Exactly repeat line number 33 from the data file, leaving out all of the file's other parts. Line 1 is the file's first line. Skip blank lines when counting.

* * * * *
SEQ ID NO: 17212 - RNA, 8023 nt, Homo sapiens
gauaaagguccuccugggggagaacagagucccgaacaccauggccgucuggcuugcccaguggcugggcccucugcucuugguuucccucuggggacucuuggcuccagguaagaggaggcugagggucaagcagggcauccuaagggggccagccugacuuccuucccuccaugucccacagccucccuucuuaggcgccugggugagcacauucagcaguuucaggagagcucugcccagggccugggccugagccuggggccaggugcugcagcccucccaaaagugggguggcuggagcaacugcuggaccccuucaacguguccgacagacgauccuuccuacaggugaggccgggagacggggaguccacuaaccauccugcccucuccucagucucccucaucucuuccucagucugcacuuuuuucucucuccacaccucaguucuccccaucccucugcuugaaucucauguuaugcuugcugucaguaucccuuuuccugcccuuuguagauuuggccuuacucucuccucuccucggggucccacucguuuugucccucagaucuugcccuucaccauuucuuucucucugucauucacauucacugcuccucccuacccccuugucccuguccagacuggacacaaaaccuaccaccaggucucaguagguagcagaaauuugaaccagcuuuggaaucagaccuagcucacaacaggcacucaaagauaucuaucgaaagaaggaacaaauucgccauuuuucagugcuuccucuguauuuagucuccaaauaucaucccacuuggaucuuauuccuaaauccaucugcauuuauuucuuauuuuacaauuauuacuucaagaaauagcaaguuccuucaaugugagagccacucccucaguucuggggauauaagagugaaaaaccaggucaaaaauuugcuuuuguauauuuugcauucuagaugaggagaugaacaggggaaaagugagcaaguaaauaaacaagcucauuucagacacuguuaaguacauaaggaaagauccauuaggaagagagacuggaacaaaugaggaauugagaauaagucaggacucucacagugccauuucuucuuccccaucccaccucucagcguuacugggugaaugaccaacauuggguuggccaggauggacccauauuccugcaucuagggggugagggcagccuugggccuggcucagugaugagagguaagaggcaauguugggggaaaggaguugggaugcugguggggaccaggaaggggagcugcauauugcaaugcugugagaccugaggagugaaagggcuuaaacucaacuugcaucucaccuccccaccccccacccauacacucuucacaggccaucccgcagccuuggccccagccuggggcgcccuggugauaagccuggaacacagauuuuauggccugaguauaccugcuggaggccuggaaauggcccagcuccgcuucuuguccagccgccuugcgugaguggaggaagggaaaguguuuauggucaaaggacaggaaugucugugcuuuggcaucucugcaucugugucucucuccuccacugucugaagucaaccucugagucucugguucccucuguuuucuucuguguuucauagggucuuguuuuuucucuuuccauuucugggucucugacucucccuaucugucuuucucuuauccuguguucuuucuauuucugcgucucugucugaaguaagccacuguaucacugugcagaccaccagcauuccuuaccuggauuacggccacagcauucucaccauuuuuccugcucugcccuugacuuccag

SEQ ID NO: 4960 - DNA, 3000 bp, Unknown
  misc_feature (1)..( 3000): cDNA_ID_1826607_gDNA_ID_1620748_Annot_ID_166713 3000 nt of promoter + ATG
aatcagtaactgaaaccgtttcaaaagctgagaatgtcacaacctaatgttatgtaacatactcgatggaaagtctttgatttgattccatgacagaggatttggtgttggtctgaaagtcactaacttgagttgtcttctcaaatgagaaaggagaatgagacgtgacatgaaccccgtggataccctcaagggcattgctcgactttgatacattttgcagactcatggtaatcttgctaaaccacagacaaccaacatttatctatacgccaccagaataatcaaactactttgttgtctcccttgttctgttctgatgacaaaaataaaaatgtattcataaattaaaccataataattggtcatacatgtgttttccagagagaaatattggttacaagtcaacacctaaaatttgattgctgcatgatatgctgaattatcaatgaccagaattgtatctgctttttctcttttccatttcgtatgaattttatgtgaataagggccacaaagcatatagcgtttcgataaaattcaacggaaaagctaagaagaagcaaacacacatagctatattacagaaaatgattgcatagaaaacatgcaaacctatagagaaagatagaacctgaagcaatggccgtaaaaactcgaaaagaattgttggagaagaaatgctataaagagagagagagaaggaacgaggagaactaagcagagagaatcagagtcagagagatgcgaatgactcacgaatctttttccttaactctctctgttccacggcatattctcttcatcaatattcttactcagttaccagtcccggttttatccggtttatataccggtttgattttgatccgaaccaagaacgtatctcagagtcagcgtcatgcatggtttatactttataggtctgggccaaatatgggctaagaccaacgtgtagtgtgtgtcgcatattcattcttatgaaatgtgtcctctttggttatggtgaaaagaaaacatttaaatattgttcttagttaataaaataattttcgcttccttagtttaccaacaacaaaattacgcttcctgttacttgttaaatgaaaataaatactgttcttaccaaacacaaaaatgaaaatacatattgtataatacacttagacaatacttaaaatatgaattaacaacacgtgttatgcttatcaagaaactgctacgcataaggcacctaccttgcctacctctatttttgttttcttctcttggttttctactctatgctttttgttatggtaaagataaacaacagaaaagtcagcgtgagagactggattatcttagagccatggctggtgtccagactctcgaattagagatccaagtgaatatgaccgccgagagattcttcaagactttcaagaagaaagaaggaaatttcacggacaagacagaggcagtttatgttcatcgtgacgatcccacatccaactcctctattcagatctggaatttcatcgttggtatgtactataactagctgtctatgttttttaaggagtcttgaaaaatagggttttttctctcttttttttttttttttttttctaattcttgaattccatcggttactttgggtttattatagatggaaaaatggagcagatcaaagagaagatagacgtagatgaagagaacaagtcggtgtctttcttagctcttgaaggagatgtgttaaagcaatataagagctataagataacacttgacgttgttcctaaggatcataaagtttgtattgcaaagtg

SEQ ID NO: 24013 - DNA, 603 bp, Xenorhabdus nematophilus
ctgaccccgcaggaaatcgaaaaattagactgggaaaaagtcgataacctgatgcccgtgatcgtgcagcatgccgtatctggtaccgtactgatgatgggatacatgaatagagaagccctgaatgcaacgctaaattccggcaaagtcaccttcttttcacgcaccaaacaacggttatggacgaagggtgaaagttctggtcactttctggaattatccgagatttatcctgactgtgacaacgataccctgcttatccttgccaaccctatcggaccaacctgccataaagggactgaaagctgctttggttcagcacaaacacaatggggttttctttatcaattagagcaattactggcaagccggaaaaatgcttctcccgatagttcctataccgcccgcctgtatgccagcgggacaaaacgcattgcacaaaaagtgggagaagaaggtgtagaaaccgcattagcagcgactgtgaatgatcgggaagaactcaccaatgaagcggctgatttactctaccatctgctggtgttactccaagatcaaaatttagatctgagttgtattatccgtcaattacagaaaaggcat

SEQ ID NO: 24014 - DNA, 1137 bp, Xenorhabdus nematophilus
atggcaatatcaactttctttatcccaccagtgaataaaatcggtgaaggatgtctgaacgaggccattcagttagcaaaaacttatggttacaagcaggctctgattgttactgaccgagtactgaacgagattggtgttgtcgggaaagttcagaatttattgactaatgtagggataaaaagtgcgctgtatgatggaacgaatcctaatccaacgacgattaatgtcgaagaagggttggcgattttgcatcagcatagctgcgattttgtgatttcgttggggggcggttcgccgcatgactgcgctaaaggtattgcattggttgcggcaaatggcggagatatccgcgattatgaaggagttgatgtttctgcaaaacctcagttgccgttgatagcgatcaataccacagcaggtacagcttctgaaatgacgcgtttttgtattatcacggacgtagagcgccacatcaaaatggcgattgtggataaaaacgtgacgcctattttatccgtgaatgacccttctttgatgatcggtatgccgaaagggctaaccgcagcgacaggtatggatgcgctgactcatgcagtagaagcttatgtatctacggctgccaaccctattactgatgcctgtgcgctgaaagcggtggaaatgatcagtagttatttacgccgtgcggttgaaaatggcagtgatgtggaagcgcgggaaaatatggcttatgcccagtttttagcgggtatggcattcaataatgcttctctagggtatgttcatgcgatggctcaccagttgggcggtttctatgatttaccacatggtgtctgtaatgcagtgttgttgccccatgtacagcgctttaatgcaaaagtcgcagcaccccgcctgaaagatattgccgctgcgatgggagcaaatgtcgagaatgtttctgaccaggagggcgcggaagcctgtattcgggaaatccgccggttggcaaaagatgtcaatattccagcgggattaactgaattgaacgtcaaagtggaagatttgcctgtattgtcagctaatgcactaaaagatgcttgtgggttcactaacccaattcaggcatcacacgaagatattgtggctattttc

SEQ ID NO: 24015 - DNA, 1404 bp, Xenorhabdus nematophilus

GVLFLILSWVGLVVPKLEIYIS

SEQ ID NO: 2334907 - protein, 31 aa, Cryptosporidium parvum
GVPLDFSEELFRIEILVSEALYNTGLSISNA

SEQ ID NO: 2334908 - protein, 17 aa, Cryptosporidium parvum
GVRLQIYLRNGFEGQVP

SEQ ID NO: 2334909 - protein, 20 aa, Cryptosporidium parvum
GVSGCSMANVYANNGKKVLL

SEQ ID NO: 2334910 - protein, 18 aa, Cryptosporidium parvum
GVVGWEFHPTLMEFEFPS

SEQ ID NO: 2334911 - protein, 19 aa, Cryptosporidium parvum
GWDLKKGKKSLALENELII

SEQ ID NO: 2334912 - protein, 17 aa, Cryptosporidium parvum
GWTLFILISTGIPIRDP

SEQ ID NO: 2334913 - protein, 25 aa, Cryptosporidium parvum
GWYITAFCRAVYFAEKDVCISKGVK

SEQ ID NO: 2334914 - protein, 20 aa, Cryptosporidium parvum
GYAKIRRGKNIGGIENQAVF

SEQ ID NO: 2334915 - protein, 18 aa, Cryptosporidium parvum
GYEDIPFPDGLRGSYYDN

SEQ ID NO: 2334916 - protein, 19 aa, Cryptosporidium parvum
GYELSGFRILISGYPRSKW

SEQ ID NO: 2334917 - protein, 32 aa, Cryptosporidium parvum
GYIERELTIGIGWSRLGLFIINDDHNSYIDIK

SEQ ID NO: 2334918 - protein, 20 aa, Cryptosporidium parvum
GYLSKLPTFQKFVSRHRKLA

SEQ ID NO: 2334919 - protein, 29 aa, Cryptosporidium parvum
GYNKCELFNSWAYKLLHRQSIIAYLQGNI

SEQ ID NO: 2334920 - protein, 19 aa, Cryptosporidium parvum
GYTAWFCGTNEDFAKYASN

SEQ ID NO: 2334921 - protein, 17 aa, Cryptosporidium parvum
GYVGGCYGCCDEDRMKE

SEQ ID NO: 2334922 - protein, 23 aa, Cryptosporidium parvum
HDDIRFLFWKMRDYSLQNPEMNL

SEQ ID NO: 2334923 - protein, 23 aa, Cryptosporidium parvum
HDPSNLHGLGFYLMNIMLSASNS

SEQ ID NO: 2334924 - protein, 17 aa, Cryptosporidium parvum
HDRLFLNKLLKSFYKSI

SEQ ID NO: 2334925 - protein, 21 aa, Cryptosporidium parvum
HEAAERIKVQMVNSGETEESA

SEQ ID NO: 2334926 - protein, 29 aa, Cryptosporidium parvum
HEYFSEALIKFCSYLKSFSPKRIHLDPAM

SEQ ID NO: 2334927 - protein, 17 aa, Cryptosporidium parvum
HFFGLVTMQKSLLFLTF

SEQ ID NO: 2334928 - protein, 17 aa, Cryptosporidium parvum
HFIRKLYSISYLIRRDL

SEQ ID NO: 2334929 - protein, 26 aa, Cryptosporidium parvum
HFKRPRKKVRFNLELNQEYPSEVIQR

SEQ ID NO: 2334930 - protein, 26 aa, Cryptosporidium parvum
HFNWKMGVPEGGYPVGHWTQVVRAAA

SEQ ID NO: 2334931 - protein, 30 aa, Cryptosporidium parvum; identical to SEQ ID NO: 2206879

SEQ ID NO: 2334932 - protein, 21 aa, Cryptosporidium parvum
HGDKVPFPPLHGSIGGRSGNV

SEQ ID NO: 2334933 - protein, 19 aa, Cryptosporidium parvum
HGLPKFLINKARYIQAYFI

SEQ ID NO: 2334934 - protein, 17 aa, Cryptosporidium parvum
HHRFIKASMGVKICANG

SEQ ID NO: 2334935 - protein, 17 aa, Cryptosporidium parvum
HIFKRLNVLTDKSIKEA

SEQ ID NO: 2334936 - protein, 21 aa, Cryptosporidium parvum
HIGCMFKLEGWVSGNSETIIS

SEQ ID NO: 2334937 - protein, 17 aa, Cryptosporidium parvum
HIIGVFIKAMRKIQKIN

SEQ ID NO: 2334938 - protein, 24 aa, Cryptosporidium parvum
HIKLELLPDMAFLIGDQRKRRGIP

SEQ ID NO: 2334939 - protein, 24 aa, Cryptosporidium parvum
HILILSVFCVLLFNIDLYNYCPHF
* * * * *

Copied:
GYIERELTIGIGWSRLGLFIINDDHNSYIDIK